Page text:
Persuasion After Ostracism: Need-Based Inuences on Persuasion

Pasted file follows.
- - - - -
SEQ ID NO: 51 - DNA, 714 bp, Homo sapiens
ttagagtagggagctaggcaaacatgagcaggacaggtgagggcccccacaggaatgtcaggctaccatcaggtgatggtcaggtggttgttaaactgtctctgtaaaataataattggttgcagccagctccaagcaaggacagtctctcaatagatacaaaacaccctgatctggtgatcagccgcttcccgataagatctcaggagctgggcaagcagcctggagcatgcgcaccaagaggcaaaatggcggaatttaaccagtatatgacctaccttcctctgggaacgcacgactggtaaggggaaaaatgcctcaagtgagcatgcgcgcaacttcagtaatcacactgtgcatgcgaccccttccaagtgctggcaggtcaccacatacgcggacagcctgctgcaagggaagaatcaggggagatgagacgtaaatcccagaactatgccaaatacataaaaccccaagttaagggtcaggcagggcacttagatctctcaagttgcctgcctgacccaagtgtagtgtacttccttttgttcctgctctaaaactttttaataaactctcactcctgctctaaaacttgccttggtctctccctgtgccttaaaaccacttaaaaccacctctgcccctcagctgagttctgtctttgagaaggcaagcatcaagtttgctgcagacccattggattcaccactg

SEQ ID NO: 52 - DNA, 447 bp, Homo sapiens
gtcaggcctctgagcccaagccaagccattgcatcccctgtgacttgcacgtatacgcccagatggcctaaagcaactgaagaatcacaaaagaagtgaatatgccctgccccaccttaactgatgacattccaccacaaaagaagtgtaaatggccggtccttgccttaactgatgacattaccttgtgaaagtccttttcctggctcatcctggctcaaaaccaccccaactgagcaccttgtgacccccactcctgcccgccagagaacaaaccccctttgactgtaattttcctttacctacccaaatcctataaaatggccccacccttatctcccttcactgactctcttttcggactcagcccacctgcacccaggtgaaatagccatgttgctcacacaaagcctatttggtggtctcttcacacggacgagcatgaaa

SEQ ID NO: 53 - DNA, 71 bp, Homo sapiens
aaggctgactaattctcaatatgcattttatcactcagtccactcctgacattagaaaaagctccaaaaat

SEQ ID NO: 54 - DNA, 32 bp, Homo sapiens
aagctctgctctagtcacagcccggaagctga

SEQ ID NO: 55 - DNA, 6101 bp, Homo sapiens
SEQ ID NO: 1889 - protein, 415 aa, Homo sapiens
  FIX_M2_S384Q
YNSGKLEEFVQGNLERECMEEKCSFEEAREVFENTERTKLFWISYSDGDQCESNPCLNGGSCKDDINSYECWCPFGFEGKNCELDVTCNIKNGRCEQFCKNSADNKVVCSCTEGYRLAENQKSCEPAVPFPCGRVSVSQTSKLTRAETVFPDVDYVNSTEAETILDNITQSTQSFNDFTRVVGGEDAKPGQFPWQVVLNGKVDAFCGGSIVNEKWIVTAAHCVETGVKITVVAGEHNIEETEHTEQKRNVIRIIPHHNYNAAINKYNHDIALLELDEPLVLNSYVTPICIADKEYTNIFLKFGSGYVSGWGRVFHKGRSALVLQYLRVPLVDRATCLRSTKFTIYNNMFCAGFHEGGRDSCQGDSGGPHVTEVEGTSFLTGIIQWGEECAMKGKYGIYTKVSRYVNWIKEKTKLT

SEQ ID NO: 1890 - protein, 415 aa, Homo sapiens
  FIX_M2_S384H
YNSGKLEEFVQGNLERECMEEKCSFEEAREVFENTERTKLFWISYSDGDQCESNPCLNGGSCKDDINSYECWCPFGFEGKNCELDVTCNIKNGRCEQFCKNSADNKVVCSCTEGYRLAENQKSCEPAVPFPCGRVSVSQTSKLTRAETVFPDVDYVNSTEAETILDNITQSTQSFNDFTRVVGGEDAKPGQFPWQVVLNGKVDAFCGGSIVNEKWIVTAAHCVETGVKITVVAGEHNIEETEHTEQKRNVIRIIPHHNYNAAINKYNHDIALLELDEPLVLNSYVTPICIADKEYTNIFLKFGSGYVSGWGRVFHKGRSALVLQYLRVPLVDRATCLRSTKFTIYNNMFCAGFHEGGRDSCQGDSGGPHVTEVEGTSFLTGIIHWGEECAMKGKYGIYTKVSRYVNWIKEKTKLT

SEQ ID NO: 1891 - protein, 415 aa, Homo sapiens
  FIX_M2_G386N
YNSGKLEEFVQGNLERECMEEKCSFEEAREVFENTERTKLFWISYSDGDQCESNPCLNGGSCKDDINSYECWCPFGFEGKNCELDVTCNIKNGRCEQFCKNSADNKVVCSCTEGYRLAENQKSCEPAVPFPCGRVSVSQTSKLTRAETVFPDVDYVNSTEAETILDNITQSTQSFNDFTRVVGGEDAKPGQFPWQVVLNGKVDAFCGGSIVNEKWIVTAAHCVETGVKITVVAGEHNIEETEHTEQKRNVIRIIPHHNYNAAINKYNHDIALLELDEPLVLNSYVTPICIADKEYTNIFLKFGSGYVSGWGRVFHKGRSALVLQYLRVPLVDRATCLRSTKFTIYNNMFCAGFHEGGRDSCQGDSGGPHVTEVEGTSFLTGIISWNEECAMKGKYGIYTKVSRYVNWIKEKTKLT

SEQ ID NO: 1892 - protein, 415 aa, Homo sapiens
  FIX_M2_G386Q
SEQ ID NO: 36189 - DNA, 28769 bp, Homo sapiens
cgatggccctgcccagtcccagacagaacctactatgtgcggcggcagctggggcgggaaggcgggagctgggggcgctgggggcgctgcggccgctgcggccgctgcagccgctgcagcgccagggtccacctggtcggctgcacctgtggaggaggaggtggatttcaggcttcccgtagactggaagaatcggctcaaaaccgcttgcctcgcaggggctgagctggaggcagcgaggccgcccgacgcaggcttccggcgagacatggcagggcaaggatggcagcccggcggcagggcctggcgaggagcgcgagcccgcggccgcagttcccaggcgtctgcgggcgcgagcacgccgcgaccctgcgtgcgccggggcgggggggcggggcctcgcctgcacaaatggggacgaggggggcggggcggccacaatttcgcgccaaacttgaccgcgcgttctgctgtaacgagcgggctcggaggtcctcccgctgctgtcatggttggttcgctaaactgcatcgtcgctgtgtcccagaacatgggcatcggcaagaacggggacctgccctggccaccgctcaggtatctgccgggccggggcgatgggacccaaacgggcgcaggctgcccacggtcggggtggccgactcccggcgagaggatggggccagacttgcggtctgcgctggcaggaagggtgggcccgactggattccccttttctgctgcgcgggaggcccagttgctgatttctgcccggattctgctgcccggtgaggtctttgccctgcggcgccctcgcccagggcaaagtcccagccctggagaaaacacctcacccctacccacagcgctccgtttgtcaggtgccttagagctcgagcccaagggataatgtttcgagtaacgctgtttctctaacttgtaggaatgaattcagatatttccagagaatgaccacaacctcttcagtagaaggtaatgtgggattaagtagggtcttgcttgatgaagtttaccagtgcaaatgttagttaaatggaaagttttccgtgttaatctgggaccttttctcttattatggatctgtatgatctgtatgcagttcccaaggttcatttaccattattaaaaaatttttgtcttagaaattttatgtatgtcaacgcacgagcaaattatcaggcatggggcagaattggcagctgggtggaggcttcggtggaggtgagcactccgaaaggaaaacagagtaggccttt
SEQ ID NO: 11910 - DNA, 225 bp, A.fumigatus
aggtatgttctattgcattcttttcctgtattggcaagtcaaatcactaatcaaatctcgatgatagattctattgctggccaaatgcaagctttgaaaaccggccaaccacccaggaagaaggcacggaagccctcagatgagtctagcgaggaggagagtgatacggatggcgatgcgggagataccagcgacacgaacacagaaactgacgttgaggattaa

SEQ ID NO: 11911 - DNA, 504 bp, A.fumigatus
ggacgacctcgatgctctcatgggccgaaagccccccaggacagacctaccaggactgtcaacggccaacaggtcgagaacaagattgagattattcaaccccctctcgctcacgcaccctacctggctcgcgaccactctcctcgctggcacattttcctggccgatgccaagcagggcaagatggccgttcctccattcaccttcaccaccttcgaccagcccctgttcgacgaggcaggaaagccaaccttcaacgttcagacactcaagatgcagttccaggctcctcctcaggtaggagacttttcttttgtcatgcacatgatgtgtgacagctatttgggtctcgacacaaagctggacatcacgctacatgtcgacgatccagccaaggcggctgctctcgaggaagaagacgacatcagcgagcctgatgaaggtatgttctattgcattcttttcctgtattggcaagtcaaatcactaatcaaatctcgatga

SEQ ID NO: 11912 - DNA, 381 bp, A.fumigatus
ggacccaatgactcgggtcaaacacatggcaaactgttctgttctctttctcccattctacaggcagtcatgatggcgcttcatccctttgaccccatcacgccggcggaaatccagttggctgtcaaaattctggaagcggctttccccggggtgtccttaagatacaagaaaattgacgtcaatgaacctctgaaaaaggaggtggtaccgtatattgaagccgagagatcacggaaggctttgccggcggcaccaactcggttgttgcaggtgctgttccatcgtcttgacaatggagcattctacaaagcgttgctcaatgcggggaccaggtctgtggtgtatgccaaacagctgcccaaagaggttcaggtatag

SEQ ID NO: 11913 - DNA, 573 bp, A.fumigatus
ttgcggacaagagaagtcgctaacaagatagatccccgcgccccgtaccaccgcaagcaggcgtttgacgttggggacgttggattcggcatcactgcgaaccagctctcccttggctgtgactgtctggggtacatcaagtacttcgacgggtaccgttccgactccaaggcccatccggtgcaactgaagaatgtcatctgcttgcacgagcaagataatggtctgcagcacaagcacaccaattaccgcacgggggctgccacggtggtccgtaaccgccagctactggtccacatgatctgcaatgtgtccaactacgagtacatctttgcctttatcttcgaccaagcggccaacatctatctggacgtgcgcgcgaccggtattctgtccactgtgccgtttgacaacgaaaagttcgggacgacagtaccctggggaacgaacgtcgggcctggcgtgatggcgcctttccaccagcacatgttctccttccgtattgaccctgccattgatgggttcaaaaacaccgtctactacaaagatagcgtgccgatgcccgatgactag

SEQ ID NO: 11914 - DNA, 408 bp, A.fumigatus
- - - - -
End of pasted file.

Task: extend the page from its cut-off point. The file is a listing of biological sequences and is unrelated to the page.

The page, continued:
During the 1950s and 1960s, two independent research groups similarly proposed that attitudes can serve psychological needs and thus have motivational bases (Katz, 1960; Smith, Bruner, & White, 1956). They further identied a list of functions that attitudes may serve and tried to test these functions experimentally. Over the last half of the 20th century, although various researchers have adopted the functional approach to study persuasion (e.g., Shavitt, 1990; Smith et al., 1956; Snyder & DeBono, 1985), the sheer number of studies is rather small, especially as compared with the extensive list of studies of attitudes and persuasion using the more dominant cognitive approaches. Interestingly, functional approaches have prevailed in other areas of social psychological research. In particular, the nature and impact of several core social motives (e.g., belonging, self-esteem, control, etc.) have been studied extensively in literatures addressing self-concept and self-worth. In this research, it has been shown repeatedly that people strive to fortify unsatised social needs through cognitive as well as behavioral mechanisms (e.g., Baumeister & Leary, 1995; Crocker & Park, 2004; Pyszczynski, Greenberg, & Solomon, 1999; Williams, 2007). Because attitudes can serve different psychological needs, it is reasonable to expect that the effectiveness of persuasive attempts would often be inuenced by individuals’ social motives.